If you live very near the Susquehanna River in a low-lying spot, chances are, eventually you will get soaked.
Either flood water will one day lap at your home’s foundation, or insurance companies will extract extra-high premiums to compensate for the added risk of providing coverage to your property, deemed likely to get dunked.
In an ongoing effort to coax people away from water’s edge, the federal government is making the options clear: pay out (for insurance), pull up stakes (and move to higher ground) or elevate (by raising a house above likely flood levels). The goal: Avoid Katrina-like catastrophes that can claim lives and cost billions in rescue and recovery efforts.
Longtime residents of the Greater Wyoming Valley should be especially attuned to the message, as they’ve witnessed how cruel a rain-swollen river can be to human encroachers. The Susquehanna, considered one of the most flood-prone rivers in the United States, devastated downtown Wilkes-Barre and other Valley communities in 1972, then threatened four years ago to do the same. The levee system staved off widespread ruin in September 2011; however, unprotected communities such as West Pittston were punished. More than 800 structures in the borough sustained damage.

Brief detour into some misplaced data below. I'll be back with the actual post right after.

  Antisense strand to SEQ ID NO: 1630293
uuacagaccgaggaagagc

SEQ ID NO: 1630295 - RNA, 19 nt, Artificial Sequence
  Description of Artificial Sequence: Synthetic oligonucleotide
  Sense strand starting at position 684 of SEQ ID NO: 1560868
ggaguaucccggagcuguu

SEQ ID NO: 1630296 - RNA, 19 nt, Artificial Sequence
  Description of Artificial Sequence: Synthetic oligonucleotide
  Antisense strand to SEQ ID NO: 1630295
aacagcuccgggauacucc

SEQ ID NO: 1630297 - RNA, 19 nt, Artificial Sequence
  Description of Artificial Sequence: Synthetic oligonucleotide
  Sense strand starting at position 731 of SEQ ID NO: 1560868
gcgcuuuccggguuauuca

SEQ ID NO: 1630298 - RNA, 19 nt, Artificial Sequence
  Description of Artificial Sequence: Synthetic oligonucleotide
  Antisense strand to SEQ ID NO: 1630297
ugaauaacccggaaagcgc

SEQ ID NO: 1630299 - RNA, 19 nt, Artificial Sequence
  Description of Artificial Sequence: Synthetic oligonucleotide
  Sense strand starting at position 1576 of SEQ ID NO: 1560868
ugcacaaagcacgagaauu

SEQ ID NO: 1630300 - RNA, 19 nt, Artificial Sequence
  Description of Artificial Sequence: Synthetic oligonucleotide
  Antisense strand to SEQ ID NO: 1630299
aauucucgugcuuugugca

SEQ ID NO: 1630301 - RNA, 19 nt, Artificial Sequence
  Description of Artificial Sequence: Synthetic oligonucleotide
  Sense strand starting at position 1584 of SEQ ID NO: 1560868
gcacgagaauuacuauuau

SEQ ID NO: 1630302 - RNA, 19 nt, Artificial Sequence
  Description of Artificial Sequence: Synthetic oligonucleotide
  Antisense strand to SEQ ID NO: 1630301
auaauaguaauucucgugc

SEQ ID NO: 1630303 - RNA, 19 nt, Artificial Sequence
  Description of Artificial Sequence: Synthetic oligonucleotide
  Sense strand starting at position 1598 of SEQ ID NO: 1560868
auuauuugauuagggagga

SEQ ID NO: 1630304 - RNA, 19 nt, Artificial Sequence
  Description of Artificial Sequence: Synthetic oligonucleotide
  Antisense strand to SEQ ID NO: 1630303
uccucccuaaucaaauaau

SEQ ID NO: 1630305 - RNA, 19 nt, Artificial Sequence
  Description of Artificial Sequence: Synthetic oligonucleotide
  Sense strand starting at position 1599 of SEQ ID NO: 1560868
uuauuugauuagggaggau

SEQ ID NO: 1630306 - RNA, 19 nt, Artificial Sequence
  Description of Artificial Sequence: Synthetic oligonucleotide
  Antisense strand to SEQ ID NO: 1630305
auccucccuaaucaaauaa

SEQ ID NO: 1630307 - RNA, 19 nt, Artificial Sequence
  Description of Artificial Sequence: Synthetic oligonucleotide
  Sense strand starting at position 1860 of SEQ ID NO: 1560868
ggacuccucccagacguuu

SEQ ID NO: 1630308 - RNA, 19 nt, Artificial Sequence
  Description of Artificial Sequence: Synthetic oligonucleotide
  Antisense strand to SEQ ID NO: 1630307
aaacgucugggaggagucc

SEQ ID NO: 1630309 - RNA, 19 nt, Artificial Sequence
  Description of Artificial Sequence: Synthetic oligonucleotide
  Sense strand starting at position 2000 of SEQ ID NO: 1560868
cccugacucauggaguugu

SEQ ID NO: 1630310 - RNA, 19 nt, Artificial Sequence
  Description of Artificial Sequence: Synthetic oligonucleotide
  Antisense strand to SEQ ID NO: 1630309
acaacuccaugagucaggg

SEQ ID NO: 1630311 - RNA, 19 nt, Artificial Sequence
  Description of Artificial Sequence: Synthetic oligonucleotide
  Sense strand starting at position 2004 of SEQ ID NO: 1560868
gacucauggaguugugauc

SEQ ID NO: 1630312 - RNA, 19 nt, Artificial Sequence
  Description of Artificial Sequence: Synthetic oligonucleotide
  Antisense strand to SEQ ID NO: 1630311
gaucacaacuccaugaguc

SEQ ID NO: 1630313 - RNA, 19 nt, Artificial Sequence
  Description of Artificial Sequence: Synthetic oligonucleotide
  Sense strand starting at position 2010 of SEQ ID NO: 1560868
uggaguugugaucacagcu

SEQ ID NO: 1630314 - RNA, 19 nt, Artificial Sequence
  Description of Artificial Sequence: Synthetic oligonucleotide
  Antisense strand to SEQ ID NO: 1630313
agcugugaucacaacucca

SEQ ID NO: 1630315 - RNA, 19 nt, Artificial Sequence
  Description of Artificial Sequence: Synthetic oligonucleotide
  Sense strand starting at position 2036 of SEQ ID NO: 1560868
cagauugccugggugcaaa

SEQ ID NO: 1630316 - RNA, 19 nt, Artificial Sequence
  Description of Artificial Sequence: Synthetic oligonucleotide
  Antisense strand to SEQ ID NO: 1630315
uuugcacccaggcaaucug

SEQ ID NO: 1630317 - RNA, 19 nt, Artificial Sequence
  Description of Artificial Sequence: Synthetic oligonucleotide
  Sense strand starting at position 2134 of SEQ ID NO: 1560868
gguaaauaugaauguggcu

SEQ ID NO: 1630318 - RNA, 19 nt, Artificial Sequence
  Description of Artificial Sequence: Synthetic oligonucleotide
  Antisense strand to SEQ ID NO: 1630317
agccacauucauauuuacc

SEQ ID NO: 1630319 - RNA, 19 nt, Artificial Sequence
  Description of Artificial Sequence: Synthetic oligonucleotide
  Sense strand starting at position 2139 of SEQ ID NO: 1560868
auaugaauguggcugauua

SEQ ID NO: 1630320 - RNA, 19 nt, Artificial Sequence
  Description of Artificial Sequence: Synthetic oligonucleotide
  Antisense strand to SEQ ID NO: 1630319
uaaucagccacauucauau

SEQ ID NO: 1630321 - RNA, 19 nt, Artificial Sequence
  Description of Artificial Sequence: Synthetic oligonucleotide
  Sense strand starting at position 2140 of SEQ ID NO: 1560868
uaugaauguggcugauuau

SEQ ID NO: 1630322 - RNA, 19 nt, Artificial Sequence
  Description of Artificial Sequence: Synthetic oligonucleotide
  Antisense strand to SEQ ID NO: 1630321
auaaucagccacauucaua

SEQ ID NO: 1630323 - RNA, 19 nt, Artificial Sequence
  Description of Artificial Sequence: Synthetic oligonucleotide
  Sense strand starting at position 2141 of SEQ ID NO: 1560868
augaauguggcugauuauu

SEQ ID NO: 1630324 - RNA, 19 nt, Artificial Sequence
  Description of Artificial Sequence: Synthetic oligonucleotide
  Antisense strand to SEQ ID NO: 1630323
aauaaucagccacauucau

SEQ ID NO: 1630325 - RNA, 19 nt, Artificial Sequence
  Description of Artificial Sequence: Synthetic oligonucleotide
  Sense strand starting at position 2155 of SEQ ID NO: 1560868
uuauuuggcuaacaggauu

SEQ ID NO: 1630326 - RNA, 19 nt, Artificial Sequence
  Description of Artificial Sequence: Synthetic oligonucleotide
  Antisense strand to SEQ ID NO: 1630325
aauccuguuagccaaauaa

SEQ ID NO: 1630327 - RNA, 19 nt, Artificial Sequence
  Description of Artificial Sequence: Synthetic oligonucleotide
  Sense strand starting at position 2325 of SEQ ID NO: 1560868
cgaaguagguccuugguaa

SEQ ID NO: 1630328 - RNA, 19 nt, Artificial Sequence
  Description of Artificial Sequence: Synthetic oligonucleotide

And next time?
The levee system, credited since 1968 with sparing the area about $8 billion in damages, might in some places be inadequate for future storms, according to recently updated computer modeling.
Hydrology experts pin the problem on a trio of issues: climate change that spawns stronger storms, urban sprawl that results in less plant-covered land to soak up water and changes to the river channel. In short, we humans made this mess and now we’ll pay the price.
New flood maps are expected to be issued within the next few years. In turn, flood insurance rates could go up for residents of some levee-protected places, though not as high as in communities without any barriers, said Christopher Belleman, executive director of the Luzerne County Flood Protection Authority.
Groans are likely to be heard from discontented residents within the river’s Wilkes-Barre/Hanover Township and Plymouth stretches, where new projections indicate the levee is lacking a precautionary 3-foot buffer.
“The next maps will show more properties are at risk,” Belleman told the Times Leader for an article Sunday outlining the Valley’s vulnerability. “That’s why it’s important to get people out of the flood zone, especially if they’re not levee-protected.”
Already, a gradual retreat from the river has obliterated neighborhoods in parts of Shickshinny as well as Plymouth and Jenkins townships. Buyouts of high-risk properties continue, as does demolition, said former flood authority chief Jim Brozena.
“The main thing is,” he said, “that we’re making strides in removing people from harm’s way.”